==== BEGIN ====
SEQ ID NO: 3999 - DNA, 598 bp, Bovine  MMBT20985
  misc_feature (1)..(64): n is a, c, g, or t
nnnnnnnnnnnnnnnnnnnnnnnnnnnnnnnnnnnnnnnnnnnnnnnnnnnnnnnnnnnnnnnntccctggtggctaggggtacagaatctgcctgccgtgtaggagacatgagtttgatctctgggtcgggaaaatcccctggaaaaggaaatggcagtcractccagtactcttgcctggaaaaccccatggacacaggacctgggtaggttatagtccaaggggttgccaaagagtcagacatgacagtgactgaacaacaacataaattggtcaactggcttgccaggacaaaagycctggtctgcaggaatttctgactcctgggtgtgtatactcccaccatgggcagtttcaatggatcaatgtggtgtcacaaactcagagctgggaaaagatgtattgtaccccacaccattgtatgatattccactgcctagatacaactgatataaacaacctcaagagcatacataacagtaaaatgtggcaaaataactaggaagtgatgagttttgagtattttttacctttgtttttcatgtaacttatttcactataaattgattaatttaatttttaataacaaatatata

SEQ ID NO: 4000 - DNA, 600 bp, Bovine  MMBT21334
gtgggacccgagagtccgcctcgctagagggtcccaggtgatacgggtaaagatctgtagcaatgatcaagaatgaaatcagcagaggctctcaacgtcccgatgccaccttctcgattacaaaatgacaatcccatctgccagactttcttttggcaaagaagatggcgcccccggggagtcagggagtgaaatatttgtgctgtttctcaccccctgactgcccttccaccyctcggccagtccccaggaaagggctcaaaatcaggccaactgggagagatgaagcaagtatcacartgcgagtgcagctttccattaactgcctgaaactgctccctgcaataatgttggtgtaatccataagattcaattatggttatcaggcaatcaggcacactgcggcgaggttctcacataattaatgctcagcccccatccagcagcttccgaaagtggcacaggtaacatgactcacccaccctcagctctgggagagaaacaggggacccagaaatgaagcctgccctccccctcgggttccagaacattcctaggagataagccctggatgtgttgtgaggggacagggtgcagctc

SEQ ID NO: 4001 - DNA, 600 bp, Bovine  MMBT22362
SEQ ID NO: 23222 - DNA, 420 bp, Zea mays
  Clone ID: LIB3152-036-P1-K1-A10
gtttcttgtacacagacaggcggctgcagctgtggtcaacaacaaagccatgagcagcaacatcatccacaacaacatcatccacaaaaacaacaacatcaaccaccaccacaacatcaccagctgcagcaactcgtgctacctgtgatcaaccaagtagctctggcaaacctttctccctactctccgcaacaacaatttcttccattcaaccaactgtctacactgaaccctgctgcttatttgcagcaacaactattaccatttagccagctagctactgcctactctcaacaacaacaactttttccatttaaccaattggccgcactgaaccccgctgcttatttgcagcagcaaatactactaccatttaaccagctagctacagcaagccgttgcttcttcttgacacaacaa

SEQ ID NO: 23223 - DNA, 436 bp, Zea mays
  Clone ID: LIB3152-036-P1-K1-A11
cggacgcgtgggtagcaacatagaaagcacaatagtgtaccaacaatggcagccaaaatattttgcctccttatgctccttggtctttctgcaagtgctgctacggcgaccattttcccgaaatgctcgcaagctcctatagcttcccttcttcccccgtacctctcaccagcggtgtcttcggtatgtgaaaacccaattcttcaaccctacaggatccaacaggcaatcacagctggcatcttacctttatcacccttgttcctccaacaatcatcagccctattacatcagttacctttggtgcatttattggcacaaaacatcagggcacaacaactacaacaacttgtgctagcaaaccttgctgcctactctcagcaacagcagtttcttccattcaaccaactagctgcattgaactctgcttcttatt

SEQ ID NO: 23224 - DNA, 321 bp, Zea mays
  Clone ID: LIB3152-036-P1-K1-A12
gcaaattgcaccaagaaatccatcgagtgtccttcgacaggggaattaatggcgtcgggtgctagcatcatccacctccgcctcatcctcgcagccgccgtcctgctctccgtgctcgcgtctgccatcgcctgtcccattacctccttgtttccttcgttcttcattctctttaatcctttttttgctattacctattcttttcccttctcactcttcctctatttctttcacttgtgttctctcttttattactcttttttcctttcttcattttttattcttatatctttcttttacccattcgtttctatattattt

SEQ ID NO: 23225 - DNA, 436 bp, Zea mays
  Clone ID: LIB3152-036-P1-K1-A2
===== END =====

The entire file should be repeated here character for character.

SEQ ID NO: 3999 - DNA, 598 bp, Bovine  MMBT20985
  misc_feature (1)..(64): n is a, c, g, or t
nnnnnnnnnnnnnnnnnnnnnnnnnnnnnnnnnnnnnnnnnnnnnnnnnnnnnnnnnnnnnnnntccctggtggctaggggtacagaatctgcctgccgtgtaggagacatgagtttgatctctgggtcgggaaaatcccctggaaaaggaaatggcagtcractccagtactcttgcctggaaaaccccatggacacaggacctgggtaggttatagtccaaggggttgccaaagagtcagacatgacagtgactgaacaacaacataaattggtcaactggcttgccaggacaaaagycctggtctgcaggaatttctgactcctgggtgtgtatactcccaccatgggcagtttcaatggatcaatgtggtgtcacaaactcagagctgggaaaagatgtattgtaccccacaccattgtatgatattccactgcctagatacaactgatataaacaacctcaagagcatacataacagtaaaatgtggcaaaataactaggaagtgatgagttttgagtattttttacctttgtttttcatgtaacttatttcactataaattgattaatttaatttttaataacaaatatata

SEQ ID NO: 4000 - DNA, 600 bp, Bovine  MMBT21334
gtgggacccgagagtccgcctcgctagagggtcccaggtgatacgggtaaagatctgtagcaatgatcaagaatgaaatcagcagaggctctcaacgtcccgatgccaccttctcgattacaaaatgacaatcccatctgccagactttcttttggcaaagaagatggcgcccccggggagtcagggagtgaaatatttgtgctgtttctcaccccctgactgcccttccaccyctcggccagtccccaggaaagggctcaaaatcaggccaactgggagagatgaagcaagtatcacartgcgagtgcagctttccattaactgcctgaaactgctccctgcaataatgttggtgtaatccataagattcaattatggttatcaggcaatcaggcacactgcggcgaggttctcacataattaatgctcagcccccatccagcagcttccgaaagtggcacaggtaacatgactcacccaccctcagctctgggagagaaacaggggacccagaaatgaagcctgccctccccctcgggttccagaacattcctaggagataagccctggatgtgttgtgaggggacagggtgcagctc

SEQ ID NO: 4001 - DNA, 600 bp, Bovine  MMBT22362
SEQ ID NO: 23222 - DNA, 420 bp, Zea mays
  Clone ID: LIB3152-036-P1-K1-A10
gtttcttgtacacagacaggcggctgcagctgtggtcaacaacaaagccatgagcagcaacatcatccacaacaacatcatccacaaaaacaacaacatcaaccaccaccacaacatcaccagctgcagcaactcgtgctacctgtgatcaaccaagtagctctggcaaacctttctccctactctccgcaacaacaatttcttccattcaaccaactgtctacactgaaccctgctgcttatttgcagcaacaactattaccatttagccagctagctactgcctactctcaacaacaacaactttttccatttaaccaattggccgcactgaaccccgctgcttatttgcagcagcaaatactactaccatttaaccagctagctacagcaagccgttgcttcttcttgacacaacaa

SEQ ID NO: 23223 - DNA, 436 bp, Zea mays
  Clone ID: LIB3152-036-P1-K1-A11
cggacgcgtgggtagcaacatagaaagcacaatagtgtaccaacaatggcagccaaaatattttgcctccttatgctccttggtctttctgcaagtgctgctacggcgaccattttcccgaaatgctcgcaagctcctatagcttcccttcttcccccgtacctctcaccagcggtgtcttcggtatgtgaaaacccaattcttcaaccctacaggatccaacaggcaatcacagctggcatcttacctttatcacccttgttcctccaacaatcatcagccctattacatcagttacctttggtgcatttattggcacaaaacatcagggcacaacaactacaacaacttgtgctagcaaaccttgctgcctactctcagcaacagcagtttcttccattcaaccaactagctgcattgaactctgcttcttatt

SEQ ID NO: 23224 - DNA, 321 bp, Zea mays
  Clone ID: LIB3152-036-P1-K1-A12
gcaaattgcaccaagaaatccatcgagtgtccttcgacaggggaattaatggcgtcgggtgctagcatcatccacctccgcctcatcctcgcagccgccgtcctgctctccgtgctcgcgtctgccatcgcctgtcccattacctccttgtttccttcgttcttcattctctttaatcctttttttgctattacctattcttttcccttctcactcttcctctatttctttcacttgtgttctctcttttattactcttttttcctttcttcattttttattcttatatctttcttttacccattcgtttctatattattt

SEQ ID NO: 23225 - DNA, 436 bp, Zea mays
  Clone ID: LIB3152-036-P1-K1-A2